Each parts by weight of the present compounds (1), (2), (3), (6), (l2) and (13) and known compounds, 25 parts by weight of Sorpol SM-200 (Trade mark of an emulsifier produced by Toho Chem. Co. in Japan) and 50 percent by weight of xylene were uniformly mixed to prepare each emulsifiable concentrate, which was adjusted to a designed concentration by use of pure water.

a. Into a 300 ml glass beaker, each 200 ml of the emulsion adjusted to a designed concentration was introduced, and a group of about larvae of Northern house mosquitoes was liberated therein for 24 hours to calculate the lethal ratio.

b. About 10 rice plants elapsed 20 days after sowing were dipped in each emulsion adjusted to a designed c t ation for n qu w r a r-d idths e;

after were put into a test tube, in which 15 adults of smaller brown planthoppers were liberated in advance,

and which was closed with a cotton stopper. After 24 hours the lethal ratio was calculated.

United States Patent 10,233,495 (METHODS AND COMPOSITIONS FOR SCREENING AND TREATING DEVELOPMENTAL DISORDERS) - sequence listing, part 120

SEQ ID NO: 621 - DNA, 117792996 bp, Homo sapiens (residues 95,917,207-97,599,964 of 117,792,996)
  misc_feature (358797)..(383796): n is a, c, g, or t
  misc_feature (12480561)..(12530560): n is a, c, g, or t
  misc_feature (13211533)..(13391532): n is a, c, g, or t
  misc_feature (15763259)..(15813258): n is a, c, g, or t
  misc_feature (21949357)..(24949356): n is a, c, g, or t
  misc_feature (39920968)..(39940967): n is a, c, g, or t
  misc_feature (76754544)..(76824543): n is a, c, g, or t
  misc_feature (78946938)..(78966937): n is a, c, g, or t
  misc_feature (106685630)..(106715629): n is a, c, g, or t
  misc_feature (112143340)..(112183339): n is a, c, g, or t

0. A twig of Himalayan cryptomeria was dipped in emulsion prepared by the 2,000 times dilution of each compound for 1 minute, and was put in a glass Petri dish having a diameter of 14 cm and a height of 7 cm. A group of about 10 larvae of Lendrolimus sp. was liberated therein, and the whole was covered with a wire net.

After 48 hours, the lethal ratio was calculated.

The results are as shown in Table 4.

The LC value (50 percent lethal concentration) in respect to larvae of Nonhem house mosquitoes and adults of smaller brown planthoppers was calculated from the results obtained by the tests repeated 3 to 5 times.

TABLE 4 Adults of Larvae of smaller Lethal Northern brown ratio of house plantlarvae of mosquito, ho r, Lendro- L050 L0 0 d5 li'mus sp., Compound (p.p.m tion fold) percent Present compound:

Known compound (A):

(EH 0 OCH--CHC H=C I ll O /C\ CH3 CH CH3 Known compound (G):

OH O C-CE7CHCH=O Q Q a Ca CH3 Allethrin 0. 3. 500 20 As is clear from the above Referential Examples, the present compounds have prominent insecticidal activities to house flies and mosquitoes as well as insects injurious to sanitation such as cockroaches, and insects injurious to cereals, and in addition have low toxicity to mammals. Therefore, the compounds of the present invention may be useful for controlling insects injurious to sanitation and stored cereals.

Moreover, the present compounds may be useful for controlling insects injurious to agriculture and forest such as rice stern borers, green rice leathoppers, smaller brown planthoppers, Japanese giant silk moth, common cabbage worms, army worms, diamondback moth, cut worms and tent catapillars, as well as mites.